Commentary on the Code

Spray Foam Kits

Spray foam kits are not referenced in the National Building Code of Canada as thermal insulation materials. As such, special approval from the authority having jurisdiction would need to be obtained.

The National Building Code lists the requirements for thermal insulation for homes and buildings in 5.3 and in 9.25.2.

The requirements for thermal insulation is listed in Clause 9.25.2

1) Except as required in Sentence (2) thermal insulation shall conform to the requirements of g) CAN/ULC S705.1, "Thermal Insulation – Spray Applied Rigid Polyurethane Foam, Medium Density – Material – Specification"

Currently there are no spray foam kits where the manufacturer claims that they meet the requirements listed in CAN/ULC S705.1.

The appropriate standards for spray foam kits is CAN/ULC S710.1 Standard for Thermal insulation – Bead-Applied One Component Polyurethane Air Sealant Foam, Part 1: Material Specification for one component spray foam kits and CAN/ULC S711.1 Standard for Thermal Insulation – Bead-Applied Two Component Polyurethane Air Sealant foam Part 1: Material Specification for two component spray foam kits. The issue here is that the material standard has been developed mainly as a sealant foam standard and then as a thermal insulation. In these standards, the material has been addressed as "beads" of various sizes and not as a solid material.

A requirement in CAN/ULC S710.1, CAN/ULC S 711.1 and CAN/ULC S 705.1 is that volatile organic compounds shall be tested in accordance with CAN/ULC S 774 Standard Laboratory Guide for the determination of Volatile Organic Compound Emissions from Polyurethane Foam and the amount of time required for the indoor air concentrations to reach 1/100 of the TLV for any VOCs be declared. This is an extremely important test to be conducted as this is a health and safety issue for the occupants of a home or building. Simply put, no one can say that the material does not off-gas VOCs without doing the proper testing.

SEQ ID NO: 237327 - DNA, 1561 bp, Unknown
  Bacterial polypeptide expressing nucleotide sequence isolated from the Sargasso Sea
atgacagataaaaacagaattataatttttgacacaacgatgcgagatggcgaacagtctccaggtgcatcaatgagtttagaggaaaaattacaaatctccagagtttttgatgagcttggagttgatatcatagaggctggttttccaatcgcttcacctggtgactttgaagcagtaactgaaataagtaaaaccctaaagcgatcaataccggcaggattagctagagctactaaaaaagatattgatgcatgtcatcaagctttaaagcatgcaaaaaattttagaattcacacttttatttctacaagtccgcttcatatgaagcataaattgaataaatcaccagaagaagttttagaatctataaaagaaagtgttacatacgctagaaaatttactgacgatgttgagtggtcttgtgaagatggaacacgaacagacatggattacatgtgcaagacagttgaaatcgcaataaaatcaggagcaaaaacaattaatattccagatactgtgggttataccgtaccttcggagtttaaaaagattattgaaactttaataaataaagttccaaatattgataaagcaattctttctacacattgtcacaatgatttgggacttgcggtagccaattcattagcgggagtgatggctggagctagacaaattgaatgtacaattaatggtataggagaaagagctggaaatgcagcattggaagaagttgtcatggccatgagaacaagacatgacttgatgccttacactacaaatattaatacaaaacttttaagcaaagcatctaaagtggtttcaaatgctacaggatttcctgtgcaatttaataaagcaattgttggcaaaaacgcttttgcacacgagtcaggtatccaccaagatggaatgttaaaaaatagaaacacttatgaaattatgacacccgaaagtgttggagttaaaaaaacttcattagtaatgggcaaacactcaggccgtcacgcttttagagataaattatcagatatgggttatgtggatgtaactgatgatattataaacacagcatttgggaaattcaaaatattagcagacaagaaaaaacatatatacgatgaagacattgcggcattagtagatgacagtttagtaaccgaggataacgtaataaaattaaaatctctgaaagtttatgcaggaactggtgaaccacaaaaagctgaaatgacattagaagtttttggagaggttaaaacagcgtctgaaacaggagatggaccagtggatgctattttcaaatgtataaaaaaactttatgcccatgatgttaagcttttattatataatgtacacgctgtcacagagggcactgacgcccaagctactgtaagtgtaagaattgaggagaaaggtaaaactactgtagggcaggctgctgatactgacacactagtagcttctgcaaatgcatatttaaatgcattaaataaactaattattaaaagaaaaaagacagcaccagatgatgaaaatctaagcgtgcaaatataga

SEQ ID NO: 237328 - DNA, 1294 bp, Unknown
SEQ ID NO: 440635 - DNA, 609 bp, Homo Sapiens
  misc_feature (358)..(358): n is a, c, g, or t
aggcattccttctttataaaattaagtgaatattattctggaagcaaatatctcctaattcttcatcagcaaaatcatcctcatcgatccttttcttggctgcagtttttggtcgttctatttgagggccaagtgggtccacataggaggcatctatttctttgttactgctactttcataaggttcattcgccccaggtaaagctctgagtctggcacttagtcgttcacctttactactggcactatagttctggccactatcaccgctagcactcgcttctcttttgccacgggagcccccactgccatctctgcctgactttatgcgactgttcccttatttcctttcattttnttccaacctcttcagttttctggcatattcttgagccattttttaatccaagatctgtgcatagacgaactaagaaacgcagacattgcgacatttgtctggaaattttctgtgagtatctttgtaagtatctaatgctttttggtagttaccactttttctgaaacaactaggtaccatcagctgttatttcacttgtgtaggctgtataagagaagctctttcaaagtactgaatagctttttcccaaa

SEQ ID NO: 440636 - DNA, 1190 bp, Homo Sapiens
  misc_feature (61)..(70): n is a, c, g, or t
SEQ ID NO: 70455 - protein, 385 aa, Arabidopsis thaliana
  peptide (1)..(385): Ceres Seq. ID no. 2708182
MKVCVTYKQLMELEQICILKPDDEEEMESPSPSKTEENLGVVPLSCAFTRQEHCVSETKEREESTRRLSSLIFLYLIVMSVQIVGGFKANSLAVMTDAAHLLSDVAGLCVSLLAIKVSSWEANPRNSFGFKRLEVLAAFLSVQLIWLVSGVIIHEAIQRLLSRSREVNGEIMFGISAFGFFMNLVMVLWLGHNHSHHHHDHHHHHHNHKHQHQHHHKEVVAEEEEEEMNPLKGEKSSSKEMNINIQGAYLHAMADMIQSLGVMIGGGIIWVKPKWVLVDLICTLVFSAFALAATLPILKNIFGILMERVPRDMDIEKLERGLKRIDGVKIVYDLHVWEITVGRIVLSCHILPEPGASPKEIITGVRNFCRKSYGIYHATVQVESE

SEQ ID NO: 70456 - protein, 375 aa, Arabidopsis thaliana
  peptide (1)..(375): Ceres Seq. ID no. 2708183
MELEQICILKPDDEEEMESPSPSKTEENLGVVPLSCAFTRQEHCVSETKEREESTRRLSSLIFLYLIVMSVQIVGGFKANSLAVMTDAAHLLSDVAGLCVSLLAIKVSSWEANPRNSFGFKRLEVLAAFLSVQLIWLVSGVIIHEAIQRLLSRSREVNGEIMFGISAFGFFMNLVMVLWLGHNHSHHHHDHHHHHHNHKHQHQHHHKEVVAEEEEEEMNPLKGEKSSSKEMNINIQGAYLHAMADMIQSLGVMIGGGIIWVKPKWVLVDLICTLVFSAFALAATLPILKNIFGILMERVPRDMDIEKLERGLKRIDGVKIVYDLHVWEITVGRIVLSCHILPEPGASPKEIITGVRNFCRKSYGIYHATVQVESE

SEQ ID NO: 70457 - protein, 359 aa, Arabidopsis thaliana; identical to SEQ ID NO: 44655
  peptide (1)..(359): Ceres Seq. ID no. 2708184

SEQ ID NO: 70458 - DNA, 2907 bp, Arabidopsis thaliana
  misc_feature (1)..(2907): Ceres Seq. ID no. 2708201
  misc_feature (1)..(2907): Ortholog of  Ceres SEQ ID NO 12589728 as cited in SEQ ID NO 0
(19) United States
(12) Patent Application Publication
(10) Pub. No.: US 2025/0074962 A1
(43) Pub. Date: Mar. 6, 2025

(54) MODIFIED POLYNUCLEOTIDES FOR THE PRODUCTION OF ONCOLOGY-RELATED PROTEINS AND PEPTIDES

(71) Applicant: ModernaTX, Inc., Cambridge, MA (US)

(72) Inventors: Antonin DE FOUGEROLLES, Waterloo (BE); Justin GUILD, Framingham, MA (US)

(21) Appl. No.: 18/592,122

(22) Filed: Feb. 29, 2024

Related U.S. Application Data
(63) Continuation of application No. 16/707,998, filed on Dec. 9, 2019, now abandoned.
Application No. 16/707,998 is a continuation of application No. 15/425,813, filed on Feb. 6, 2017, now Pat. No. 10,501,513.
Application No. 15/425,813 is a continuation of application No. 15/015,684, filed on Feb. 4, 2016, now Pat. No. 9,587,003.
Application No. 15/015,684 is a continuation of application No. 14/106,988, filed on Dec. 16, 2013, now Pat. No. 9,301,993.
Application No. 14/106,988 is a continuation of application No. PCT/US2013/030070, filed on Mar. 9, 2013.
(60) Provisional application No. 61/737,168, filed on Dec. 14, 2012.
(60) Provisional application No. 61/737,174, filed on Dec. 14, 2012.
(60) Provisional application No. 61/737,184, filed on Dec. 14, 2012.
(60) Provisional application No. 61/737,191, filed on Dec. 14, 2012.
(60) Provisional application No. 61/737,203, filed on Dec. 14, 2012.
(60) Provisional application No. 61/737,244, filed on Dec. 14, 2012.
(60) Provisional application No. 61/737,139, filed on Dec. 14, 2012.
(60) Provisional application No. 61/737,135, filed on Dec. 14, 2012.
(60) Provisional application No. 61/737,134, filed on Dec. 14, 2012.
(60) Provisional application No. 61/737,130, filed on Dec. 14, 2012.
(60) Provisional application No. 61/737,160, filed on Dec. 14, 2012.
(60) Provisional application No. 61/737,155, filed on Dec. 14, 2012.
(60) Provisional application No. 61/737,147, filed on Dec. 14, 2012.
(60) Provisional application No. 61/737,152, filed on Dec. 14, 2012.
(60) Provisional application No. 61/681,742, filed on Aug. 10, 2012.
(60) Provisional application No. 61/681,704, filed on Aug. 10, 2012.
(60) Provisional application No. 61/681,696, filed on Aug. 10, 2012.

It is important to note that many spray foam kits advertise that there material has been tested in accordance with ASTM E 84 Standard Test Method for Surface Burning Characteristics of Building Materials. That test method has no relevance in Canada. That test is a requirement of the United States codes whereas the National Building Code of Canada requires that foamed plastic be tested in accordance with CAN/ULC S102 Standard Method of Test for Surface Burning Characteristics of Building Materials and Assemblies which in turn, because of the results of the CAN/ULC S 102 test results, requires that the material be tested in accordance with CAN/ULC S127 Standard Corner Wall Method of Test for Flammability Characteristics of Non-Melting Building Materials. Keep in mind that there are no correlation between the test results from ASTM E 84 test method and CAN/ULC S 102 test method. If a test result, obtained from ASTM E 84, is around 25, then you could expect when exactly the same product was tested in accordance with CAN/ULC S 102 that the test result would be in the 350 range. So in Canada do not use ASTM E 84 test results and do not try to correlate ASTM E 84 with CAN/ULC S 102.